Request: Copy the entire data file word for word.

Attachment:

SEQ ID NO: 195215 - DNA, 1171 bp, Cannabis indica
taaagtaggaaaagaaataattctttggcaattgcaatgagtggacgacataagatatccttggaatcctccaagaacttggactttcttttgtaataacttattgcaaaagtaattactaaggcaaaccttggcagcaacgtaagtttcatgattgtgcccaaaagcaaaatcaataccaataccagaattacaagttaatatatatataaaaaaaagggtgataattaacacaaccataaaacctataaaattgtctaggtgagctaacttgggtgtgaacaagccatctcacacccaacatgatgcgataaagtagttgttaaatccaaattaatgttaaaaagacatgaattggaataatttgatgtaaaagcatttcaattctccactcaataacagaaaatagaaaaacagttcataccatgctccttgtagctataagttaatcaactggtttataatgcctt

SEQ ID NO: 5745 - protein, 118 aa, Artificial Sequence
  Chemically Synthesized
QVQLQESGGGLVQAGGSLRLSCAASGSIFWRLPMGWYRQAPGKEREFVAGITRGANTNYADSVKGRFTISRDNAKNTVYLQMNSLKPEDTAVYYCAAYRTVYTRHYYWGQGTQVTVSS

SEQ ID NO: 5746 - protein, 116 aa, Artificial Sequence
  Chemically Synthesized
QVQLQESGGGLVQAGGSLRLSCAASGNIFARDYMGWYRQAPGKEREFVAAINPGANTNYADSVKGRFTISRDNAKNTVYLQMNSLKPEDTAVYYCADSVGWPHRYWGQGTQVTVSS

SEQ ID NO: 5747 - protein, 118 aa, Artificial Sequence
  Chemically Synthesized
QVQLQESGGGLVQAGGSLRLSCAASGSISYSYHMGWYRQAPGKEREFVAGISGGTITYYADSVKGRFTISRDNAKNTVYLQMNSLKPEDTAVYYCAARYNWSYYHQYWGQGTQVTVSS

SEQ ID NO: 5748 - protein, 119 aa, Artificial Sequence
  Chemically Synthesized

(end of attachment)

SEQ ID NO: 195215 - DNA, 1171 bp, Cannabis indica
taaagtaggaaaagaaataattctttggcaattgcaatgagtggacgacataagatatccttggaatcctccaagaacttggactttcttttgtaataacttattgcaaaagtaattactaaggcaaaccttggcagcaacgtaagtttcatgattgtgcccaaaagcaaaatcaataccaataccagaattacaagttaatatatatataaaaaaaagggtgataattaacacaaccataaaacctataaaattgtctaggtgagctaacttgggtgtgaacaagccatctcacacccaacatgatgcgataaagtagttgttaaatccaaattaatgttaaaaagacatgaattggaataatttgatgtaaaagcatttcaattctccactcaataacagaaaatagaaaaacagttcataccatgctccttgtagctataagttaatcaactggtttataatgcctt

SEQ ID NO: 5745 - protein, 118 aa, Artificial Sequence
  Chemically Synthesized
QVQLQESGGGLVQAGGSLRLSCAASGSIFWRLPMGWYRQAPGKEREFVAGITRGANTNYADSVKGRFTISRDNAKNTVYLQMNSLKPEDTAVYYCAAYRTVYTRHYYWGQGTQVTVSS

SEQ ID NO: 5746 - protein, 116 aa, Artificial Sequence
  Chemically Synthesized
QVQLQESGGGLVQAGGSLRLSCAASGNIFARDYMGWYRQAPGKEREFVAAINPGANTNYADSVKGRFTISRDNAKNTVYLQMNSLKPEDTAVYYCADSVGWPHRYWGQGTQVTVSS

SEQ ID NO: 5747 - protein, 118 aa, Artificial Sequence
  Chemically Synthesized
QVQLQESGGGLVQAGGSLRLSCAASGSISYSYHMGWYRQAPGKEREFVAGISGGTITYYADSVKGRFTISRDNAKNTVYLQMNSLKPEDTAVYYCAARYNWSYYHQYWGQGTQVTVSS

SEQ ID NO: 5748 - protein, 119 aa, Artificial Sequence
  Chemically Synthesized